Goalkeeper Eze Dike ’22, who finished the night with 10 points, manages the ball in the first half. (William McCormack, Contributing Photographer)

Swain’s big shot with 10:12 left also reduced Monmouth’s lead, which had dropped to 20 at the start of the second half, to 10. It followed an 8-0 run at Yale which ignited the local crowd. A one-on-one from ’24 forward Matt Knowling on the Bulldogs’ next possession saw Jones pump his arm near the scoring table.

Although the Bulldogs managed to reduce the lead to 53-50 a few minutes later, the Hawks held on until the final buzzer. Monmouth forward Walker Miller, goaltender Shavar Reynolds and forward Nikkei Rutty combined to score 43 of the Hawks’ 69 points. Miller and Reynolds are transfers from North Carolina and Seton Hall graduates, respectively. Their presence helps explain why the Hawks are one of the most experienced teams in college basketball.

At the end of the Finals, Yale welcomes Howard on December 23 and visits Saint Mary’s College of California on December 28 before launching into the Ivy League game against Columbia on January 2. While he doesn’t have to go into exam mode like his players do, Jones has had his own chance to reflect on Yale’s season so far after the game.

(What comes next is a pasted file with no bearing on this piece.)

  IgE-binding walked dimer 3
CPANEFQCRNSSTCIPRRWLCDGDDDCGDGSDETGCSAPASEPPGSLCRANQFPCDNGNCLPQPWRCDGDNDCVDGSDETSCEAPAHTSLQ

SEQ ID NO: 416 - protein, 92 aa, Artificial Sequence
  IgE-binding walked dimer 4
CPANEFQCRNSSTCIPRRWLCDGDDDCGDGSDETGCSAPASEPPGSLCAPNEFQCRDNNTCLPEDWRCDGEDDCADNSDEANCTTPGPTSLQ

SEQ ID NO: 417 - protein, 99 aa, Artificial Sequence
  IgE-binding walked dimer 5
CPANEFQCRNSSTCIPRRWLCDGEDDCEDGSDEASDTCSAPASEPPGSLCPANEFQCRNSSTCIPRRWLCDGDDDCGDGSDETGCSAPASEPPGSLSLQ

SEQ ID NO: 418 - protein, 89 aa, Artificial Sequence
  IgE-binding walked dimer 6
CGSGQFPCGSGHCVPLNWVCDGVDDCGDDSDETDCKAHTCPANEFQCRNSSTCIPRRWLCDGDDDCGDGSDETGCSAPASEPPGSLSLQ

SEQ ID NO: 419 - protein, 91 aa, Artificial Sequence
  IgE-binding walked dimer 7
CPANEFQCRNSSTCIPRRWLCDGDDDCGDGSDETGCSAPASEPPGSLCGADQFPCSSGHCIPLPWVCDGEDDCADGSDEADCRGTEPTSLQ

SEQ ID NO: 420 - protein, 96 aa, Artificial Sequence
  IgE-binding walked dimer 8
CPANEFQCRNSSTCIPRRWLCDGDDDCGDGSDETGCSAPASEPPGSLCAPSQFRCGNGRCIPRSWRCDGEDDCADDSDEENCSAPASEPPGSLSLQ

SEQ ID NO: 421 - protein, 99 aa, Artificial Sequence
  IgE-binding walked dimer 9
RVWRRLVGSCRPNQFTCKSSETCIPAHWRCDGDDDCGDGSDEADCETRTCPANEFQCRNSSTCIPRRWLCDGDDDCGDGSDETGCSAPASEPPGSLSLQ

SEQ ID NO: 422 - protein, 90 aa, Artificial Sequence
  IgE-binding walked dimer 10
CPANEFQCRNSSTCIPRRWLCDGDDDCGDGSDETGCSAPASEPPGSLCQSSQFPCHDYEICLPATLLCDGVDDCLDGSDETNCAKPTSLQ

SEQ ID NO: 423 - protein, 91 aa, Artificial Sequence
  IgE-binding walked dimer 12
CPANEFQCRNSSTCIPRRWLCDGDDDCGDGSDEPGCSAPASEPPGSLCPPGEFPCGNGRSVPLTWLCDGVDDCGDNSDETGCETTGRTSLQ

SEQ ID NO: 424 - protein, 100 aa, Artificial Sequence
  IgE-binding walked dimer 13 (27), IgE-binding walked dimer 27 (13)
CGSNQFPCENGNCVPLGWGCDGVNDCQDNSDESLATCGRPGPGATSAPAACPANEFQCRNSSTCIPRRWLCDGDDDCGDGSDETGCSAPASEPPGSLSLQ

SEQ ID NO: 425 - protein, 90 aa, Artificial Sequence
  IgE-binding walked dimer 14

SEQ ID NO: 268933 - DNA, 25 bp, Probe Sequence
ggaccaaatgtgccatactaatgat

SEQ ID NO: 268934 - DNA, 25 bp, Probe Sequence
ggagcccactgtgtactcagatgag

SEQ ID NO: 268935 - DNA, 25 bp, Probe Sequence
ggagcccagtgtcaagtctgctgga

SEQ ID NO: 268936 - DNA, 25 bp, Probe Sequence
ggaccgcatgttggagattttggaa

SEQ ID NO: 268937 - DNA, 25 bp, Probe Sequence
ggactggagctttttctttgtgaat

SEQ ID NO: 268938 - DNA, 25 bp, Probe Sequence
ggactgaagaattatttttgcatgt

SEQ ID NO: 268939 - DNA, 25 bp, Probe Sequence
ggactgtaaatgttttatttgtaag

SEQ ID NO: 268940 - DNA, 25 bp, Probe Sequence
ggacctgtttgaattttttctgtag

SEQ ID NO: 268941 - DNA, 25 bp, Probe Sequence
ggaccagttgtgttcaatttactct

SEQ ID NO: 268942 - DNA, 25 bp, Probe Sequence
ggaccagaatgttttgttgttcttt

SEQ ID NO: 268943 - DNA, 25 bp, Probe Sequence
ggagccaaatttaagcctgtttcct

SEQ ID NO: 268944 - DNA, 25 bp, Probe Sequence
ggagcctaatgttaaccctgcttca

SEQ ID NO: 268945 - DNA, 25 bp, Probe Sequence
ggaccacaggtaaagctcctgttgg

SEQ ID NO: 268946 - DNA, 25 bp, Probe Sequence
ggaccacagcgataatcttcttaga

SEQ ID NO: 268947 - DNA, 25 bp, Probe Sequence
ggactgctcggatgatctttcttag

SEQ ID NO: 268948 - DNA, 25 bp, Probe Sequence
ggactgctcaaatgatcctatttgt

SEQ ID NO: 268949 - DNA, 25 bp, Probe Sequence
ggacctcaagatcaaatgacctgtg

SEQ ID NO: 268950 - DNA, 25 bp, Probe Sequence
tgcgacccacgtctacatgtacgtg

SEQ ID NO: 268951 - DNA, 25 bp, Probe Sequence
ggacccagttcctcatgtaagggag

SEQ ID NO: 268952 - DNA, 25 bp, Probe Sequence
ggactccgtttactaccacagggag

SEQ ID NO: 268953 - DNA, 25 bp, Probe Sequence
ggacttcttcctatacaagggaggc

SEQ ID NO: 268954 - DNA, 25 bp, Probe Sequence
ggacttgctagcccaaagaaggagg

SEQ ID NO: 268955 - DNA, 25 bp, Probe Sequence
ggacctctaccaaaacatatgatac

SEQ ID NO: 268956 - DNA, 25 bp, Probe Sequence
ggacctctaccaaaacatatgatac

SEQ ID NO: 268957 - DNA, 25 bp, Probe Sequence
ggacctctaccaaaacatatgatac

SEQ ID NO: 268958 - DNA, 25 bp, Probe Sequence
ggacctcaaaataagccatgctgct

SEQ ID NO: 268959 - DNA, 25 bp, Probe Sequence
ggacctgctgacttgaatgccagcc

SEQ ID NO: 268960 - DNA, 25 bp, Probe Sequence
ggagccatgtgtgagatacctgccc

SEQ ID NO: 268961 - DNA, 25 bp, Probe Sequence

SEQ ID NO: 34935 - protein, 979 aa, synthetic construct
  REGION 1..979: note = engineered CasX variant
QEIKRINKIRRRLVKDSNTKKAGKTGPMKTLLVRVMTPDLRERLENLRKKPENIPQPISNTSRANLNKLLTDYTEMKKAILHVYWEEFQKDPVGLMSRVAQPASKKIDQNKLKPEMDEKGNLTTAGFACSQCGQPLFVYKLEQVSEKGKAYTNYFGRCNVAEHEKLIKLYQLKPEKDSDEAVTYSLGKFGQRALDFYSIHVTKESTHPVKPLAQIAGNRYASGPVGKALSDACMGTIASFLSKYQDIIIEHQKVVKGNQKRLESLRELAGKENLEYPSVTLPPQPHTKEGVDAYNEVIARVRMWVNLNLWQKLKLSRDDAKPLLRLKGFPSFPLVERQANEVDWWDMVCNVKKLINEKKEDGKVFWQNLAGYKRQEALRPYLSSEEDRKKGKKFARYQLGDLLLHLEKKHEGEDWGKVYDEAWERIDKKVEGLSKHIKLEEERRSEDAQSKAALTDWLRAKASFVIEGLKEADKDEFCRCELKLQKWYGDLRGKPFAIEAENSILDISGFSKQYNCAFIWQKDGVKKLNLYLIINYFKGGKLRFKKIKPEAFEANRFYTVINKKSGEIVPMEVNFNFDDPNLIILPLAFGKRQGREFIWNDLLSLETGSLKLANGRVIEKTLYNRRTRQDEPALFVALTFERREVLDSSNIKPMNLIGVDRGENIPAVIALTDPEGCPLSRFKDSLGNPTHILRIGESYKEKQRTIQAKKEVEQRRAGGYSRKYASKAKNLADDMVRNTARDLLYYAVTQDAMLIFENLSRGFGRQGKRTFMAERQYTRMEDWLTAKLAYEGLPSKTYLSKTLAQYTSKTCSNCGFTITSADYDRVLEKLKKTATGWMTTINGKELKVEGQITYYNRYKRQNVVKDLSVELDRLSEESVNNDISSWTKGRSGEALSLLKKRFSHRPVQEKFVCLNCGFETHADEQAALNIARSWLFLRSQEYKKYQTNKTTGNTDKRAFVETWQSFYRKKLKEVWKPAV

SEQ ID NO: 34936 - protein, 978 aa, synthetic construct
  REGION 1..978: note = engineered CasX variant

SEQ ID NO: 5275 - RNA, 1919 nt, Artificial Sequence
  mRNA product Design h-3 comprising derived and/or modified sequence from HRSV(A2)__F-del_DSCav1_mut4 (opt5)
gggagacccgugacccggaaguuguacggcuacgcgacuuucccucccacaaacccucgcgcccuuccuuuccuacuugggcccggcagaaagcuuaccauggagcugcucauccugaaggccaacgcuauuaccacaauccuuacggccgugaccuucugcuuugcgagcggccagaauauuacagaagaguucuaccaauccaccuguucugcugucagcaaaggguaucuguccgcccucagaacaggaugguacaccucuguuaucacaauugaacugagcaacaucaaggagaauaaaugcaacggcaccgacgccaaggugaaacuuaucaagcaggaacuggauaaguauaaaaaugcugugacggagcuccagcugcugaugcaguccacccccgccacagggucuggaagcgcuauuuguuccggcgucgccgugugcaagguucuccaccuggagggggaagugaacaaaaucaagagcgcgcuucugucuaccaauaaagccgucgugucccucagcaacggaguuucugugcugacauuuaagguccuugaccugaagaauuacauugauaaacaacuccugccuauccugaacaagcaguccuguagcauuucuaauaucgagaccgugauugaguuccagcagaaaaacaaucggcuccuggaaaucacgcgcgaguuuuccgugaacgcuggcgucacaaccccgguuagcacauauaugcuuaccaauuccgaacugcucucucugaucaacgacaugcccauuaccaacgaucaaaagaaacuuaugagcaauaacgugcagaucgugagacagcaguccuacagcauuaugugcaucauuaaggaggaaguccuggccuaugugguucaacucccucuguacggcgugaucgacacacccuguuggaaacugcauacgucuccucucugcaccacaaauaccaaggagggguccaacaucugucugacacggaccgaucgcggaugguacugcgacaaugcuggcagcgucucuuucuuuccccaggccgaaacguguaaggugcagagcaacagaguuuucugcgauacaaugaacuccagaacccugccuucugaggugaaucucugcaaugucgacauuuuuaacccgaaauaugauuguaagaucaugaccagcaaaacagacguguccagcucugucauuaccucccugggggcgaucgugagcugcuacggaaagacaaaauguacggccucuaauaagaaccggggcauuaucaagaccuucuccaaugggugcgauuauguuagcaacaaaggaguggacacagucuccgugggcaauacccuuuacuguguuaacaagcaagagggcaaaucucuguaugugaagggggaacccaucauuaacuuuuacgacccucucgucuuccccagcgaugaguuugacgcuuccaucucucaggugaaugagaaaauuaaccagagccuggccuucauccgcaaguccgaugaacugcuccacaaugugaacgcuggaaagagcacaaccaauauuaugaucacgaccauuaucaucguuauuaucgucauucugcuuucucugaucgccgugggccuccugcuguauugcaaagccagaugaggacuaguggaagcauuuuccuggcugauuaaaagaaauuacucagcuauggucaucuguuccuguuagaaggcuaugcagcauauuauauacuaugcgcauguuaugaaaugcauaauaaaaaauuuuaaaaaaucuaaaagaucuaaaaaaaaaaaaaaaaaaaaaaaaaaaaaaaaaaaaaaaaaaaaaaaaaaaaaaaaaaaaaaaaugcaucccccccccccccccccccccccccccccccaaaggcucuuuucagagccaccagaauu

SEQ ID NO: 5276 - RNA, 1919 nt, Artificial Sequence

“I think we’re better than what we’ve been able to produce so far,” Jones said. “I spoke to the team today about a few what ifs. What if we had done things a little differently in the first half and you weren’t at 16? Maybe you lose six points and now have a chance to win maybe 10 points in the second half because you played so well. We have some work to do. I think we have enough talent in our locker room to be successful, and it really depends on what we’re going to do in our conference.